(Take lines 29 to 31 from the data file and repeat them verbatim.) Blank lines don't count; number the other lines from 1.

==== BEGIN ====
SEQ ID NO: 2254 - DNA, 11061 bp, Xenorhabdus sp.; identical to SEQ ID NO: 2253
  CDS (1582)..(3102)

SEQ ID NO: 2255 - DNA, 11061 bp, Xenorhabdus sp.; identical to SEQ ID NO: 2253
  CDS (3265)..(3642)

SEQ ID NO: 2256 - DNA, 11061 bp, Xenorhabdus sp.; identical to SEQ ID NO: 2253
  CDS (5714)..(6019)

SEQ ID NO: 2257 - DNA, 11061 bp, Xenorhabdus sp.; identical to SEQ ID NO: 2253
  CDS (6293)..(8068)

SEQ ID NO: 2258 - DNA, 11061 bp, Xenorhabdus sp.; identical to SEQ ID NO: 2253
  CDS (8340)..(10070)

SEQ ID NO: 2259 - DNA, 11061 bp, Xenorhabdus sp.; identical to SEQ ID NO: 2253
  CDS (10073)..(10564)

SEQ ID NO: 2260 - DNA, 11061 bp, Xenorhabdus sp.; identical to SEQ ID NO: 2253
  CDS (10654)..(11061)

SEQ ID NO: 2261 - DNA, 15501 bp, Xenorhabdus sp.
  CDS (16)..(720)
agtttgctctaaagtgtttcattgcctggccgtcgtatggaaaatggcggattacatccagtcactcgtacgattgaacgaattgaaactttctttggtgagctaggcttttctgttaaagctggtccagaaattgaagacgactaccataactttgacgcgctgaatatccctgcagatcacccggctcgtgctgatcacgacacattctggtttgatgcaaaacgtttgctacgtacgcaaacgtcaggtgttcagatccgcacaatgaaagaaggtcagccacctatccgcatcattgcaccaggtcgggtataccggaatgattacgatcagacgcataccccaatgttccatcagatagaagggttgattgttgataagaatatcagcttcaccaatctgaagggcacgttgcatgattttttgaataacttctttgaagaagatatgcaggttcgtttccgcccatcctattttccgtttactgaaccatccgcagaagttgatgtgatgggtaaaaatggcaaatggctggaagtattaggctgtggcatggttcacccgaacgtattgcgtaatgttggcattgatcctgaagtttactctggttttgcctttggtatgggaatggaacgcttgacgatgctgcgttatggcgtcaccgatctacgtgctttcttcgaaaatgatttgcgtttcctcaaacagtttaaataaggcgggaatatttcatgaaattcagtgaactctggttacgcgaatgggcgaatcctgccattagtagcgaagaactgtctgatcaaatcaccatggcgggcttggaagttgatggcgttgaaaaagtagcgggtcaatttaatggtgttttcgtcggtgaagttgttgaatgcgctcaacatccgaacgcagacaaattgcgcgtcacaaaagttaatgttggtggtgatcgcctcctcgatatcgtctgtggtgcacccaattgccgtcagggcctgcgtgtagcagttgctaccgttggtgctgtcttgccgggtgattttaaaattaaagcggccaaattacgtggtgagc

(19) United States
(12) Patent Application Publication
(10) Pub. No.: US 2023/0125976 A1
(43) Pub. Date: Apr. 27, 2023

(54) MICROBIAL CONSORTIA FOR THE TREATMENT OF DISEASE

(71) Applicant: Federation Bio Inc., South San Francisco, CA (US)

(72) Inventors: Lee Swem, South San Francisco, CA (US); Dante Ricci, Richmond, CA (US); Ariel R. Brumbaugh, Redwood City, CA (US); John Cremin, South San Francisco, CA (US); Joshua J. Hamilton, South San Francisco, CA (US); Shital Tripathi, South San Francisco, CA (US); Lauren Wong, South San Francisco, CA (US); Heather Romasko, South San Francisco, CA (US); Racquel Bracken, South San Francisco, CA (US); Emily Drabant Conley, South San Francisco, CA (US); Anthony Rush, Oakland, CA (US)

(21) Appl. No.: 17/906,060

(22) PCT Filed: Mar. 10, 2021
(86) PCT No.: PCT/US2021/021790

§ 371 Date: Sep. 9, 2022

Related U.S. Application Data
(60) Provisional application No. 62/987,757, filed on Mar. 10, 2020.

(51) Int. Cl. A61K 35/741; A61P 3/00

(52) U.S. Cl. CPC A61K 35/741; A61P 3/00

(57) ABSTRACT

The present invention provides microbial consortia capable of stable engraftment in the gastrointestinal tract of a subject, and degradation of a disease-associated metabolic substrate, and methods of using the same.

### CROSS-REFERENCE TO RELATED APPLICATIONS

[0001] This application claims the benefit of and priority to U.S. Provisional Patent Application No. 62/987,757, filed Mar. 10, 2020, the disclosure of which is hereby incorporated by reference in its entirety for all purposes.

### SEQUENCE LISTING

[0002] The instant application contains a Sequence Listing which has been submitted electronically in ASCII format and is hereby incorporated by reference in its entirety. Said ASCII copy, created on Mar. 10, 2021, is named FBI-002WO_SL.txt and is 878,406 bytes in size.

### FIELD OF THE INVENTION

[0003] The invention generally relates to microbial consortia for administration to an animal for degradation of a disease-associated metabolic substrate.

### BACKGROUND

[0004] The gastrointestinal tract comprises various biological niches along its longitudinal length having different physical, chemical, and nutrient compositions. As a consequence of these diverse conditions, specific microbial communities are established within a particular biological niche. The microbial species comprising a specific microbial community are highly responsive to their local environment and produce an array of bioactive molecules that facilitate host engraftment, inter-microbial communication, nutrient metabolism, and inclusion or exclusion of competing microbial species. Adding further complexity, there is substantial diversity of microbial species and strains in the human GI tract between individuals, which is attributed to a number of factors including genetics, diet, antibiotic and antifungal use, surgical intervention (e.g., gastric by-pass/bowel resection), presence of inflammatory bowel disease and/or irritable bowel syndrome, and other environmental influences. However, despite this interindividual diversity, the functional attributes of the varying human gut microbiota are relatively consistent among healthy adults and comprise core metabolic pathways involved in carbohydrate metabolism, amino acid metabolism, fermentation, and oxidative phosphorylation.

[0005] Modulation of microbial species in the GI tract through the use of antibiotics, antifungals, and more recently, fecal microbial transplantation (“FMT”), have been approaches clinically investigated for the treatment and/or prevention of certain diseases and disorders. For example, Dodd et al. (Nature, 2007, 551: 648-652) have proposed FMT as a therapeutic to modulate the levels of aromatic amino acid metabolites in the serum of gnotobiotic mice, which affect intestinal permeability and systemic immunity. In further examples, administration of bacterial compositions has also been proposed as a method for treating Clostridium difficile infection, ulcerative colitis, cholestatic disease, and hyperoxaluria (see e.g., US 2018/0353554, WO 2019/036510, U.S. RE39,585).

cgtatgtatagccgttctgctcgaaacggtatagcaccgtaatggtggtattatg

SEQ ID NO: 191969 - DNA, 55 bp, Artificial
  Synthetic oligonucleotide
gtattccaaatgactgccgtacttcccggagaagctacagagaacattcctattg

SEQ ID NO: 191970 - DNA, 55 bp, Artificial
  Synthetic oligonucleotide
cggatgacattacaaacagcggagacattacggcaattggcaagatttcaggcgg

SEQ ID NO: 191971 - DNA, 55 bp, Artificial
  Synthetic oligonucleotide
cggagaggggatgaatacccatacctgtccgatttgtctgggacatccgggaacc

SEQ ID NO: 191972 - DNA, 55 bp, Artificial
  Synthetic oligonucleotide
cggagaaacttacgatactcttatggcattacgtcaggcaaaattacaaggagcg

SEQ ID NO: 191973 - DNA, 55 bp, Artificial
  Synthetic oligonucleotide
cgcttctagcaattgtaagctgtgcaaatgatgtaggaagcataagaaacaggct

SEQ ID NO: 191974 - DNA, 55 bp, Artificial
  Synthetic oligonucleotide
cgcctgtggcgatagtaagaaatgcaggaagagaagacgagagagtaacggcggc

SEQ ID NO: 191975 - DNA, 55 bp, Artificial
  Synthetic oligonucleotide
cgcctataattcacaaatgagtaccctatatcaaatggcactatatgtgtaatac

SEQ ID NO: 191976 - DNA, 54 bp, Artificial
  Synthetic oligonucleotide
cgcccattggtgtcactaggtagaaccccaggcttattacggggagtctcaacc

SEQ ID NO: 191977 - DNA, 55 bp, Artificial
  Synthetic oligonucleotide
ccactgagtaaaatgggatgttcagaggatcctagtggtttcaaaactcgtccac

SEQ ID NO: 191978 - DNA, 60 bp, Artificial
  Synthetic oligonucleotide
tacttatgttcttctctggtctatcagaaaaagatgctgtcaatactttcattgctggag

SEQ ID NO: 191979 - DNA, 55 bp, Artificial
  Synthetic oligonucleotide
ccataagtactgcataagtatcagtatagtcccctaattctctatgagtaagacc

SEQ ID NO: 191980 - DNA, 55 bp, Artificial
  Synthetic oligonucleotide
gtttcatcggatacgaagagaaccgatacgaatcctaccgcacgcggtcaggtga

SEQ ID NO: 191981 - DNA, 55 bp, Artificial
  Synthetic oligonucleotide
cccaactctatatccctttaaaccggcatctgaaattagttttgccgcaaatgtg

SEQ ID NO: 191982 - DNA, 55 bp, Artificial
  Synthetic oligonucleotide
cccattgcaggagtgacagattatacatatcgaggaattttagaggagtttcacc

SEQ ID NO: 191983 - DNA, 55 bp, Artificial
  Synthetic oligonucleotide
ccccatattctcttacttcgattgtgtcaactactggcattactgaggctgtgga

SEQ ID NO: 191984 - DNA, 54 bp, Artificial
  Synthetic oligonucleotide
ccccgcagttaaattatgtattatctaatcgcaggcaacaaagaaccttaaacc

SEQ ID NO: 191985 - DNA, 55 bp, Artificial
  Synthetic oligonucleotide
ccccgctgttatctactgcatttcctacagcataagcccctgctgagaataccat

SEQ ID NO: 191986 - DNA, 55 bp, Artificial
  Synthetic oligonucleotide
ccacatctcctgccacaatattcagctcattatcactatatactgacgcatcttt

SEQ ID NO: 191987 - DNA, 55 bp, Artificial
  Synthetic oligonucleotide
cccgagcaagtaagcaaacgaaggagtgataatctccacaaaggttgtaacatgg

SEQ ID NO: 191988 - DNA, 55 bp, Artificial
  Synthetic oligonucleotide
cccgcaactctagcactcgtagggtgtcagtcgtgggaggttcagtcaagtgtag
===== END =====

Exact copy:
Related U.S. Application Data
(60) Provisional application No. 62/987,757, filed on Mar. 10, 2020.

(51) Int. Cl. A61K 35/741; A61P 3/00